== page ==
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City hosts school safety forum with public safety officials

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  In the wake of the recent school shooting in Uvalde, Texas, Mayor Brian Arrigo and school and public safety officials hosted a school safety community forum at the West Revere School Complex on Wednesday night. The overriding theme of the night was the close cooperation between all city departments to ensure school safety, and the need of parents and students to stay involved to help prevent an incident before it happens.

  “We have the best people in uniform who are in charge of public safety,” said Arrigo. “Between our police department and our fire department, we have unbelievable people who live and breathe making sure we are all safe.”

  Superintendent of Schools Dr. Dianne Kelly said she wants to emphasize the incredible partners the school department has with police and fire departments. “People often think that schools are institutions unto themselves, but the work that we do with this team is invaluable in making sure that our students and our staff are all safe on a day-to-day basis,” said Kelly. “The two chiefs – the police chief and the fire chief – and I are fortunate to be on the mayor’s cabinet, so we have weekly meetings that we are all in the same room together where we talk about what’s happening and what we are worried about and what we are hearing in the community and what things each of us should be focused on to ensure that safety at all times.”

  In addition, Kelly said the School Committee has a subcommittee focused solely on safety led by School Committee Member Susan Gravellese.

  Fire Chief Christopher Bright said the public safety departments have the training and tools to handle any situation, but he added that parents and students also need to be involved in the process. “I think this community does it better than most,” said Bright. “We have been really working on these relationships for years with the school resource officers and Dr. Kelly and her staff, police and fire. I think our best defense is everyone having a stake – see something, say something, listen, don’t take anything for granted, report things – and that’s our best bet to head these things off before they become a major incident.”

  Police Sgt. Joe Turner and Capt. Amy O’Hara provided some more of the details of the training and tools used by public safety personnel to help prevent and respond to issues in the schools.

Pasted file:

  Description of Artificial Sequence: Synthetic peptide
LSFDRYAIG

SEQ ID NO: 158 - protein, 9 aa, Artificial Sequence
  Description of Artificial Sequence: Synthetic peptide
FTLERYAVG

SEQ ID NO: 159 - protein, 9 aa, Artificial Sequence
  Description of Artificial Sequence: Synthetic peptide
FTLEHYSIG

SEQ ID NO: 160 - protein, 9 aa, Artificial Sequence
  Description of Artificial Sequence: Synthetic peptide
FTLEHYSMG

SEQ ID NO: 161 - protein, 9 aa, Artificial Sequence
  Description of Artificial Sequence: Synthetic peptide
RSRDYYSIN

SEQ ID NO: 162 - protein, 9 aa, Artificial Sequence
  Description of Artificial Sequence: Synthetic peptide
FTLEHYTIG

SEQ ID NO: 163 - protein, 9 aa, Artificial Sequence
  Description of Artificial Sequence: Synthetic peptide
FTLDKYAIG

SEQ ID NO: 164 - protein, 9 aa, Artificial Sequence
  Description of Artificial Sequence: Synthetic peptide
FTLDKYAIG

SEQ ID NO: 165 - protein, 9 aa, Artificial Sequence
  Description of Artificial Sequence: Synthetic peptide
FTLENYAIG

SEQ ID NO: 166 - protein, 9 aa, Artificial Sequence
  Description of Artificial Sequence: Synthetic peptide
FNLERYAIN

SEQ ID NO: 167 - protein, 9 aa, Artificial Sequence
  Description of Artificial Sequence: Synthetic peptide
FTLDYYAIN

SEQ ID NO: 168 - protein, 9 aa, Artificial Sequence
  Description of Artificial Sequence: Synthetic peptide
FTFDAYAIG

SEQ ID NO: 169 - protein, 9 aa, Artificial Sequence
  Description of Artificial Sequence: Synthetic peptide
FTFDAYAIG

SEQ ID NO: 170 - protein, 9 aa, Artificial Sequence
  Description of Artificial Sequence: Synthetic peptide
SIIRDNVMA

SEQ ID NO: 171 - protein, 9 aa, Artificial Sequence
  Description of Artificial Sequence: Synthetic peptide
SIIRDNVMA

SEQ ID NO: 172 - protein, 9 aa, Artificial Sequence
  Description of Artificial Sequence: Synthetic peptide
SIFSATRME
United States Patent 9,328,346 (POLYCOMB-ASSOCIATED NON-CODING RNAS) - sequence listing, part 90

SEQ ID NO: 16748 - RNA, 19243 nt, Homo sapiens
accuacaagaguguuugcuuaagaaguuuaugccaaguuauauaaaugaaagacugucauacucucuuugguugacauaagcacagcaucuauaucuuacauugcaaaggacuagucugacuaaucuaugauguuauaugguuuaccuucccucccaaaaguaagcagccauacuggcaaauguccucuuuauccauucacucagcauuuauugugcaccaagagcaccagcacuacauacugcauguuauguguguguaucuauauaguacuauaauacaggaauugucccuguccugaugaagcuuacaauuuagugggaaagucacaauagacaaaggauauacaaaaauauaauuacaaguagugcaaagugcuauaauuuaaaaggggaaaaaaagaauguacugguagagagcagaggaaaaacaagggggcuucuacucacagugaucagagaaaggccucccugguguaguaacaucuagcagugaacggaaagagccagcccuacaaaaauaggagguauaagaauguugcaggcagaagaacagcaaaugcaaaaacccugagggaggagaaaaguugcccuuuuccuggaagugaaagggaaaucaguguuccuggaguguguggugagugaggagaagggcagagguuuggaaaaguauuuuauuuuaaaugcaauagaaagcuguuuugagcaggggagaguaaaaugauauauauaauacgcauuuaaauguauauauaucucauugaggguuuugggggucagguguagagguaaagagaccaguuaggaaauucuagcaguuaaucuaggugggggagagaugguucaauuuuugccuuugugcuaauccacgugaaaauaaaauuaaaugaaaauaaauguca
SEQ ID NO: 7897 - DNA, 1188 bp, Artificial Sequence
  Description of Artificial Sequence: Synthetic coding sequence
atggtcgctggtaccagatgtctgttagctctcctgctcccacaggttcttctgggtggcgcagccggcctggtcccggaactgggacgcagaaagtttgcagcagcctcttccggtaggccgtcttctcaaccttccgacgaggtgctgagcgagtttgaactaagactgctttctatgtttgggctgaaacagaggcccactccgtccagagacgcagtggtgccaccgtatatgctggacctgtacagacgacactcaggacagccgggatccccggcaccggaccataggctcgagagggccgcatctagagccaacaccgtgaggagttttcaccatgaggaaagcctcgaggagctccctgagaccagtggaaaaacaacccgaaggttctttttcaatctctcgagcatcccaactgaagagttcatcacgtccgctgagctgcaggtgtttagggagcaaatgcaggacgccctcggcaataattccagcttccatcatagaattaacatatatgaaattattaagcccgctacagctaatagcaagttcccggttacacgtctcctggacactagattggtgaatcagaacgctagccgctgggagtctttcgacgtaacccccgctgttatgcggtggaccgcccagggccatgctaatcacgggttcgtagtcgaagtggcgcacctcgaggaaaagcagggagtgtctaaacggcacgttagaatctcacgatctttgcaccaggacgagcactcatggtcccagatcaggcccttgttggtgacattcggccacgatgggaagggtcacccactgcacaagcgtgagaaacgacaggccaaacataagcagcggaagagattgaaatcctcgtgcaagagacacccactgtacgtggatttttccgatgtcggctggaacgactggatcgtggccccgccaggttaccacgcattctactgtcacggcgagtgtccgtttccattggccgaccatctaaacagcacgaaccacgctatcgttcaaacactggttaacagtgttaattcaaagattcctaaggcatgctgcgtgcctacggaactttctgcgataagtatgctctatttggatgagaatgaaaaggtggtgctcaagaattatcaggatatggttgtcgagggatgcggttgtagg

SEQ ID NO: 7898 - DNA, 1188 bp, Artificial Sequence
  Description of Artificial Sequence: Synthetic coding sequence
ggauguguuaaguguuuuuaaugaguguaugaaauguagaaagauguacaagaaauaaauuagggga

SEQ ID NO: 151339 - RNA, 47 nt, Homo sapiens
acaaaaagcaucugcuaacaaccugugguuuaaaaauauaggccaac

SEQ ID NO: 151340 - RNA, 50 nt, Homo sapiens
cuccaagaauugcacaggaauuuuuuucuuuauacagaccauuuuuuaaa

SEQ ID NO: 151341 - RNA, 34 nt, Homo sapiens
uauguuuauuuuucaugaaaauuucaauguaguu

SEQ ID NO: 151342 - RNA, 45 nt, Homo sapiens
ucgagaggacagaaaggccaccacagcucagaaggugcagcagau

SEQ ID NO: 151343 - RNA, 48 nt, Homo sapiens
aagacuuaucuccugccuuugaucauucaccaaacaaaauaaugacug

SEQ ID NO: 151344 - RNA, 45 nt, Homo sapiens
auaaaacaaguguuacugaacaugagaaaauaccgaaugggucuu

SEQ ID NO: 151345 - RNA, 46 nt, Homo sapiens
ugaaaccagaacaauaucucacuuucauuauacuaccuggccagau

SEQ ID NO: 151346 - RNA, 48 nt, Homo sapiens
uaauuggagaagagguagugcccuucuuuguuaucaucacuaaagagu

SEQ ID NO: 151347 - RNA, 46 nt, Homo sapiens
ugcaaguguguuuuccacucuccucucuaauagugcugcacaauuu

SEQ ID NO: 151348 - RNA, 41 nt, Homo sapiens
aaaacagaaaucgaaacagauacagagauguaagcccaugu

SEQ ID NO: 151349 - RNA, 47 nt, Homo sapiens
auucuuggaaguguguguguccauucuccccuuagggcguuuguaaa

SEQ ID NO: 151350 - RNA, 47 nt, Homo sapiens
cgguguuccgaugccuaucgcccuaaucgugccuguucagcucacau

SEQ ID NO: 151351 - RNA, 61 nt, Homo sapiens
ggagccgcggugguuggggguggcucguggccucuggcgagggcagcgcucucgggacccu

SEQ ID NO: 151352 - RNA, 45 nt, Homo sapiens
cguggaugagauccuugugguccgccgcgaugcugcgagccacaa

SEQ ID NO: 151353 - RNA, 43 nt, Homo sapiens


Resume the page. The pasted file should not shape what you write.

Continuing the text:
Several times, Turner talked of the high level of training Revere police receive for active shooter and other mass casualty events, and he also noted the amount of training the department’s three school resource officers go through. “It is our policy … we push this through training and practice and simple culture in our agency: that we will respond to what we like to call an active threat incident,” said Turner. “When there is a threat to people in a public, populated place, our officers are taught to intervene. Our goal is to get in there and stop the potential loss or danger to human life or stop the actual taking of such.”

  O’Hara said research shows that prevention, relationships and support are often overlooked keys to school safety, but extremely important. “Students are often the first to know of a planned attack, whether through a peer, through the grapevine or through social media,” said O’Hara. “Most of these incidents were averted because of student-reported concerns to a trusted adult – a parent, a teacher, a police officer – about a student’s concerning behavior, and then action was taken.”

  O’Hara said the students who come forward with that kind of information are coming forward because there are trusted relationships in place. “They are trusting the school resource officers, one of whose goals is creating youth interactions,” said O’Hara. “And it’s not just school resource officers; the hallmark of what we do is to build trust. It is effective policing and it keeps our community secure and safe.”

  School Committee Member Aisha Milbury-Ellis asked if there are plans to increase the number of school resource officers in the schools. Police Chief David Callahan said the department currently has two officers going through resource officer training, and Kelly said she would like to see a female resource officer in the schools.

Ward 4 City Councillor Patrick Keefe asked a question during the public safety forum.
Police Sgt. Joe Turner discussed the training the department receives for active threat incidents.
Police Captain Amy O’Hara spoke during the public safety forum while Police Chief David Callahan looked on.

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